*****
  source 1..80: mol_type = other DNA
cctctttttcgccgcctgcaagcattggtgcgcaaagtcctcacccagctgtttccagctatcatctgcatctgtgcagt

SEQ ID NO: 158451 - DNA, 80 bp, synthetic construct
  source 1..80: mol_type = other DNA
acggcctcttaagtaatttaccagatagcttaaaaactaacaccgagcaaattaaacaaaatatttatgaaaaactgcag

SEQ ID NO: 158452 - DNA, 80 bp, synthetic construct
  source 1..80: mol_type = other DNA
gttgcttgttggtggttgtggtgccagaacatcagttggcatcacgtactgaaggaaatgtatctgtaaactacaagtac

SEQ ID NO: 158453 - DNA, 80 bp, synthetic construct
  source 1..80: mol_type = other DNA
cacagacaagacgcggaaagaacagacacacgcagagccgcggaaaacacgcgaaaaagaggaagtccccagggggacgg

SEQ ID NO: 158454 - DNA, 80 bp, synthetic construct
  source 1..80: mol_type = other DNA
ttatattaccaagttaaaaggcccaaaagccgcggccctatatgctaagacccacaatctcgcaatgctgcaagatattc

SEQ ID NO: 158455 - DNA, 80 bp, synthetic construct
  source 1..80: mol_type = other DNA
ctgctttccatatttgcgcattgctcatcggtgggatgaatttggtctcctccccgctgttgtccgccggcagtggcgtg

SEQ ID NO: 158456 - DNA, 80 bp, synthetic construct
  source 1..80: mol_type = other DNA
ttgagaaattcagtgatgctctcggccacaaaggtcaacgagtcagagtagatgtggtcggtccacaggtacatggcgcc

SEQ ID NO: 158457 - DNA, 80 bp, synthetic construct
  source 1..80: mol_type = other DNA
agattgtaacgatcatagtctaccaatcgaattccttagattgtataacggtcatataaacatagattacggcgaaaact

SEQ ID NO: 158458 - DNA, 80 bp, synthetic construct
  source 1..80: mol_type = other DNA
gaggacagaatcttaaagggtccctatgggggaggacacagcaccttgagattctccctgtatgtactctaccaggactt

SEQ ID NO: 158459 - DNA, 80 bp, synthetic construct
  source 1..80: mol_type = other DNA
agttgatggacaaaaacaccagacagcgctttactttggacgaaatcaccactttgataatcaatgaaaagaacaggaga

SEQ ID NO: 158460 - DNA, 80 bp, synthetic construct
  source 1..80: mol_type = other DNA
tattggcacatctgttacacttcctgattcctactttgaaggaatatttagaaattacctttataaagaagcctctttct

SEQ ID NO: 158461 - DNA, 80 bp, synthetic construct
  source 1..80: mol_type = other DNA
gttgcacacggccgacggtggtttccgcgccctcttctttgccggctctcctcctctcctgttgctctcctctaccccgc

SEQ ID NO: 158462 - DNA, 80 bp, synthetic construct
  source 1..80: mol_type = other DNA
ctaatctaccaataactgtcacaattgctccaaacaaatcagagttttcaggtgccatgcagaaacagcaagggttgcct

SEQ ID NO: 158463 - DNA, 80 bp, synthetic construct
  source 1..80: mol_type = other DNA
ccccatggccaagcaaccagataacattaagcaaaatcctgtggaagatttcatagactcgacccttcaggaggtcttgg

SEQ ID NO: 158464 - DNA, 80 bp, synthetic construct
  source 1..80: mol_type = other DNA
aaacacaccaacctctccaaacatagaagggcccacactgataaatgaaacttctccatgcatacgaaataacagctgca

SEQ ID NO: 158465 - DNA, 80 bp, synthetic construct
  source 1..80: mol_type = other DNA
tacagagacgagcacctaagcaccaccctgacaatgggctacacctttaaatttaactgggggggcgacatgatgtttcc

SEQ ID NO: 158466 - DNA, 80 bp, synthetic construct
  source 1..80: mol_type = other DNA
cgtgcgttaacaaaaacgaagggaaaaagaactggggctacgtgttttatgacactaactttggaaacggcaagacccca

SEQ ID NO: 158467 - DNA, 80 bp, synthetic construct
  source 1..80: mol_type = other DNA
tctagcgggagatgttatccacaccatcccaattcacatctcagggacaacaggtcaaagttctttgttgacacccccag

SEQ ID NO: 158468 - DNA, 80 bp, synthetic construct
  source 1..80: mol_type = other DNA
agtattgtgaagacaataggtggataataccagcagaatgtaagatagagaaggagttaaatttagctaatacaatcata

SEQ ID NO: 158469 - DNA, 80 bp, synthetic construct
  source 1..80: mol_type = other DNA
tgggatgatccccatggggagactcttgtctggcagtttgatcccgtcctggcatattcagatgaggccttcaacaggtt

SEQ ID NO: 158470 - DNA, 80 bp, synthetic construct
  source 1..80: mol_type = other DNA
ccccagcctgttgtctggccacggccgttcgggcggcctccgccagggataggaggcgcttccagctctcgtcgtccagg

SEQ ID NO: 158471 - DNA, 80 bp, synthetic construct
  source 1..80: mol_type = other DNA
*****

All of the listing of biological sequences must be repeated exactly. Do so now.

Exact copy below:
  source 1..80: mol_type = other DNA
cctctttttcgccgcctgcaagcattggtgcgcaaagtcctcacccagctgtttccagctatcatctgcatctgtgcagt

SEQ ID NO: 158451 - DNA, 80 bp, synthetic construct
  source 1..80: mol_type = other DNA
acggcctcttaagtaatttaccagatagcttaaaaactaacaccgagcaaattaaacaaaatatttatgaaaaactgcag

SEQ ID NO: 158452 - DNA, 80 bp, synthetic construct
  source 1..80: mol_type = other DNA
gttgcttgttggtggttgtggtgccagaacatcagttggcatcacgtactgaaggaaatgtatctgtaaactacaagtac

SEQ ID NO: 158453 - DNA, 80 bp, synthetic construct
  source 1..80: mol_type = other DNA
cacagacaagacgcggaaagaacagacacacgcagagccgcggaaaacacgcgaaaaagaggaagtccccagggggacgg

SEQ ID NO: 158454 - DNA, 80 bp, synthetic construct
  source 1..80: mol_type = other DNA
ttatattaccaagttaaaaggcccaaaagccgcggccctatatgctaagacccacaatctcgcaatgctgcaagatattc

SEQ ID NO: 158455 - DNA, 80 bp, synthetic construct
  source 1..80: mol_type = other DNA
ctgctttccatatttgcgcattgctcatcggtgggatgaatttggtctcctccccgctgttgtccgccggcagtggcgtg

SEQ ID NO: 158456 - DNA, 80 bp, synthetic construct
  source 1..80: mol_type = other DNA
ttgagaaattcagtgatgctctcggccacaaaggtcaacgagtcagagtagatgtggtcggtccacaggtacatggcgcc

SEQ ID NO: 158457 - DNA, 80 bp, synthetic construct
  source 1..80: mol_type = other DNA
agattgtaacgatcatagtctaccaatcgaattccttagattgtataacggtcatataaacatagattacggcgaaaact

SEQ ID NO: 158458 - DNA, 80 bp, synthetic construct
  source 1..80: mol_type = other DNA
gaggacagaatcttaaagggtccctatgggggaggacacagcaccttgagattctccctgtatgtactctaccaggactt

SEQ ID NO: 158459 - DNA, 80 bp, synthetic construct
  source 1..80: mol_type = other DNA
agttgatggacaaaaacaccagacagcgctttactttggacgaaatcaccactttgataatcaatgaaaagaacaggaga

SEQ ID NO: 158460 - DNA, 80 bp, synthetic construct
  source 1..80: mol_type = other DNA
tattggcacatctgttacacttcctgattcctactttgaaggaatatttagaaattacctttataaagaagcctctttct

SEQ ID NO: 158461 - DNA, 80 bp, synthetic construct
  source 1..80: mol_type = other DNA
gttgcacacggccgacggtggtttccgcgccctcttctttgccggctctcctcctctcctgttgctctcctctaccccgc

SEQ ID NO: 158462 - DNA, 80 bp, synthetic construct
  source 1..80: mol_type = other DNA
ctaatctaccaataactgtcacaattgctccaaacaaatcagagttttcaggtgccatgcagaaacagcaagggttgcct

SEQ ID NO: 158463 - DNA, 80 bp, synthetic construct
  source 1..80: mol_type = other DNA
ccccatggccaagcaaccagataacattaagcaaaatcctgtggaagatttcatagactcgacccttcaggaggtcttgg

SEQ ID NO: 158464 - DNA, 80 bp, synthetic construct
  source 1..80: mol_type = other DNA
aaacacaccaacctctccaaacatagaagggcccacactgataaatgaaacttctccatgcatacgaaataacagctgca

SEQ ID NO: 158465 - DNA, 80 bp, synthetic construct
  source 1..80: mol_type = other DNA
tacagagacgagcacctaagcaccaccctgacaatgggctacacctttaaatttaactgggggggcgacatgatgtttcc

SEQ ID NO: 158466 - DNA, 80 bp, synthetic construct
  source 1..80: mol_type = other DNA
cgtgcgttaacaaaaacgaagggaaaaagaactggggctacgtgttttatgacactaactttggaaacggcaagacccca

SEQ ID NO: 158467 - DNA, 80 bp, synthetic construct
  source 1..80: mol_type = other DNA
tctagcgggagatgttatccacaccatcccaattcacatctcagggacaacaggtcaaagttctttgttgacacccccag

SEQ ID NO: 158468 - DNA, 80 bp, synthetic construct
  source 1..80: mol_type = other DNA
agtattgtgaagacaataggtggataataccagcagaatgtaagatagagaaggagttaaatttagctaatacaatcata

SEQ ID NO: 158469 - DNA, 80 bp, synthetic construct
  source 1..80: mol_type = other DNA
tgggatgatccccatggggagactcttgtctggcagtttgatcccgtcctggcatattcagatgaggccttcaacaggtt

SEQ ID NO: 158470 - DNA, 80 bp, synthetic construct
  source 1..80: mol_type = other DNA
ccccagcctgttgtctggccacggccgttcgggcggcctccgccagggataggaggcgcttccagctctcgtcgtccagg

SEQ ID NO: 158471 - DNA, 80 bp, synthetic construct
  source 1..80: mol_type = other DNA